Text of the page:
Two wealthy men (probably ‘brothers’) either suddenly developed wealth and land possession in Duddington (after their family living there in relative obscurity for an unknown length of time), or they moved into the area in 1523 from parts unknown. Another possibility is that an ordinary Wyles family lived in Duddington for decades prior to 1523, whilst two rich relatives moved into the area in 1523. All we can say for certain is that the Wyles family first appear to be recorded in Duddington in 1523 using current levels of knowledge. Around ten years ago, we collected 76 Index Cards from the Northampton Record Office (NRO) dating from 1530-1936 (recording all local Court decisions for land buying, selling and renting - I.e. the ‘Court Rolls’ for Duddington). It is from the data contained on some of these cards that we have been able to build-up an image of life in Duddington between 1530-1566. In 1530, ‘Robert Wyles’ makes his appearance on the scene, and sets about buying a large amount of land (and buildings) in the Duddington area. He obviously possesses both wealth and knowledge of the law. John, William and Robert were brothers, but none of them mention their father or mother in their legal dealings. This is what we have been able to reconstruct about the Wyles family of Duddington between 1523-1566. Unless otherwise stated, the dates stem from the Court Rolls and refer to land deals at specific times in the lives of these people. In general, we are dealing in ‘first mentions’, but on occasion we were able to infer certain details such as likely dates of death. Margery, for instance, is recorded as a ‘minor’ when land was transferred to her in 1547 (I.e. under 12 years of age), as it looks like her father – William – had died:
1523-1530 John, William and Robert Wyles – Brothers – Parentage and History Currently Unkown.
First Mentioned: 1523 – John (d. Unknown) Married ‘?’ = Sons ‘John’ (1562) and ?‘Robert’ (1559)
First Mentioned: 1523 – William (d. 1547) Married to Nichola = Daughter Margery (1547)
First Mentioned: 1530 – Robert (d. 1562) Married to Joan = Sons Robert (1540),? John (1566) and Richard (1559)
We have assumed that John, William and Robert (1523-1530) are brothers, but we have no data concerning their parents or origination, etc. Moving on to their progeny, an Index Card dated 1566 states that ‘John Wyles and Robert Wyles are brothers.’ We assume that this refers to the 2nd generation off-spring of John, William, and Robert, but we must speculate about where this information fits in. We know John (the Elder) had a son ‘John’ (the Younger) - and could also have had another son ‘Robert’. We also know that Robert (Senior) had a son ‘Robert’ (Junior) and could have also have had another son ‘John’ - we do not know for sure. There is also a possibility that another – unknown – Wyles family had two sons named ‘John’ and ‘Robert’. We have associated Richard Wyles with Robert Wyles due to a land deal recorded in the Court Rolls. We do not know if William or Nichola had any other children, or if their lineage survived the late 1500s (due to having no sons). We do not know when John died, but William seems to have passed in 1547, and Robert in 1562. In the strict feudal times of 1523, British society was formally segregated into castes of social order, with the nobility, clergy and serfs defining the main categories. Emanating from the ‘serfs’ (or indentured slaves), various other categories emerged that remained outside of nobility and the Church. John, William and Robert Wyles all describe themselves as ‘Husbandman’, who were ‘free tenants’ (or ‘free men’ who could decide their own lives), who owned small farms of sometimes substantial size, which rented landed to tenants and were farmed by various men (and women) organized within feudal subgroups (such as cottars and gresemen, etc. A ‘Husbandman’ was an agricultural landlord who had worked his way out of the slavery of serfdom. Although Robert Wyles obviously knew the law, in 1530 he had to follow the convention of the day and refer to himself by his father’s birth status. With the ushering in of modernity after 1539 by King Henry the VIII, social mobility became more flexible and ordinary people started to define themselves by their wealth and education. Around the late 1500s, however, the Wyles family started to refer to themselves as ‘Yeoman’ (an assistant to a knight or lord), and we see various men named ‘Robert Wyles’ in Duddington from around 1566 participating in legal deals involving Lord Burghley, the Earl of Bedford and the Earl of Exeter, etc. Almost always the legal advisor on these land deals is signed ‘Robert Wyles’ all the up the late 1600s. This behaviour is ‘assisting’ the aristocracy and therefore qualifies the individual concerned to be referred to as a ‘Yeoman’. In the early 1600s (and often thereafter), Wyles people started to refer to themselves as ‘Gentlemen’, or individuals who have performed outstanding or continuous clerical, legal or military service to the Crown and are allegeable for ‘Knighthood’. It seems by the time of the death of Robert Wyles in 1682, this branch of Wyles gentlemen were being educated in law at Stamford, Oxford and Cambridge.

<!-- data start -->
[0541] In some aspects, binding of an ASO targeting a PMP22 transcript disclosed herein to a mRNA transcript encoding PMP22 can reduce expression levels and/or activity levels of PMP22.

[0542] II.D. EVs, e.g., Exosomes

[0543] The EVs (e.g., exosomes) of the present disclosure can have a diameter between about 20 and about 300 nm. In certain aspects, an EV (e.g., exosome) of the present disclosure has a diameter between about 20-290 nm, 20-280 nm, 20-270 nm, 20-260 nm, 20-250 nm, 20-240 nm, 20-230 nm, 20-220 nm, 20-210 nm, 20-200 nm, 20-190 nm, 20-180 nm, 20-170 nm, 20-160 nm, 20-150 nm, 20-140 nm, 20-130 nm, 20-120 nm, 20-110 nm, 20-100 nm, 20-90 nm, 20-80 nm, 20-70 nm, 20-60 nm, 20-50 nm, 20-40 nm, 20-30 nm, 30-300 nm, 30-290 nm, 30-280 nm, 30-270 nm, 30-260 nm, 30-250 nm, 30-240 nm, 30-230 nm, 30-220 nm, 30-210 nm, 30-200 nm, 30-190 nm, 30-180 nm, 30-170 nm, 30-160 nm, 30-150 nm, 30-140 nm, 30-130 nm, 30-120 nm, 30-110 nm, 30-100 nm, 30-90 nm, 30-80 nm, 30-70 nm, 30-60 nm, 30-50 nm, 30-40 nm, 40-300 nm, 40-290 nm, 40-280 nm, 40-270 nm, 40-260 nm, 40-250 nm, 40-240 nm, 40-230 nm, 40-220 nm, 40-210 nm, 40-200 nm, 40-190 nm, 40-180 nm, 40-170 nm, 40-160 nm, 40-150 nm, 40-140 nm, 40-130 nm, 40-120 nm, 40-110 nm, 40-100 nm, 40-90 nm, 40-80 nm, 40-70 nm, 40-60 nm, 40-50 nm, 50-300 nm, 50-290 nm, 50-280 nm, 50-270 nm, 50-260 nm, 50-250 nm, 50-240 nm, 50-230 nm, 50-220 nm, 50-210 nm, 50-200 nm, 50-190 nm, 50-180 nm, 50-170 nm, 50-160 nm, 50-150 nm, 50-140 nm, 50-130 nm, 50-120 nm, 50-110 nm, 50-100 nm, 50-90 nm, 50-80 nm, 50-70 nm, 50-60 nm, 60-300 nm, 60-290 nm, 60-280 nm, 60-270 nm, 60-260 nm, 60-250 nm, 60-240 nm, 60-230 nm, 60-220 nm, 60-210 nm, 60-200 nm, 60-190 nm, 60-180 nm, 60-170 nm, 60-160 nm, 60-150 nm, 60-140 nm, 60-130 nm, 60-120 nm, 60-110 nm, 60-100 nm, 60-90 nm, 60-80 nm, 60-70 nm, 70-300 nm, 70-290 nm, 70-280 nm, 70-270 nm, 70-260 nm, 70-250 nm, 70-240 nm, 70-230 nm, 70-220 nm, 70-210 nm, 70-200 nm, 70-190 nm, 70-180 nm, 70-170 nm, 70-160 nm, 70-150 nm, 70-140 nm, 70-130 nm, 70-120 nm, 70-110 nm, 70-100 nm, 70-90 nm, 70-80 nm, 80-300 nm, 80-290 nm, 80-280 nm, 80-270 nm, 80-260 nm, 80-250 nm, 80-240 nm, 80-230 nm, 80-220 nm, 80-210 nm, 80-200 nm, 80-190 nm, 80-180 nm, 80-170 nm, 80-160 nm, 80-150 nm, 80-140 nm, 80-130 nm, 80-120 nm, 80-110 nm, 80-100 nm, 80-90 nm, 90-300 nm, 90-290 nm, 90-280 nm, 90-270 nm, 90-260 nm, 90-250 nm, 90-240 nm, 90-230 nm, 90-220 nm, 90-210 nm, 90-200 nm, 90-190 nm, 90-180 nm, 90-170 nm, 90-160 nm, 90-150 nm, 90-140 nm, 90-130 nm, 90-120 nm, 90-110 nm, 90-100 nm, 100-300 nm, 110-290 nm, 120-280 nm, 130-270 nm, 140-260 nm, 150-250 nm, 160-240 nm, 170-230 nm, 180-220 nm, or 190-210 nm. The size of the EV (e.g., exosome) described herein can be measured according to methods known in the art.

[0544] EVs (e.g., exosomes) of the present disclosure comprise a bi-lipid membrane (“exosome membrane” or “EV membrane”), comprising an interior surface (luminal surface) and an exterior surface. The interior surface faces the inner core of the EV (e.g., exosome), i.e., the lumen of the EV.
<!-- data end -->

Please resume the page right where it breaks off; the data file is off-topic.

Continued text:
There are no 'visible' burials for the Wyles family (for the 1500s) in the graveyard of St Mary's Church, Duddington. However, as the Wyles family lived and died in the area, it is logical to assume that some people named 'Wyles' are buried there.
©opyright: Adrian Chan-Wyles (ShiDaDao) 2019.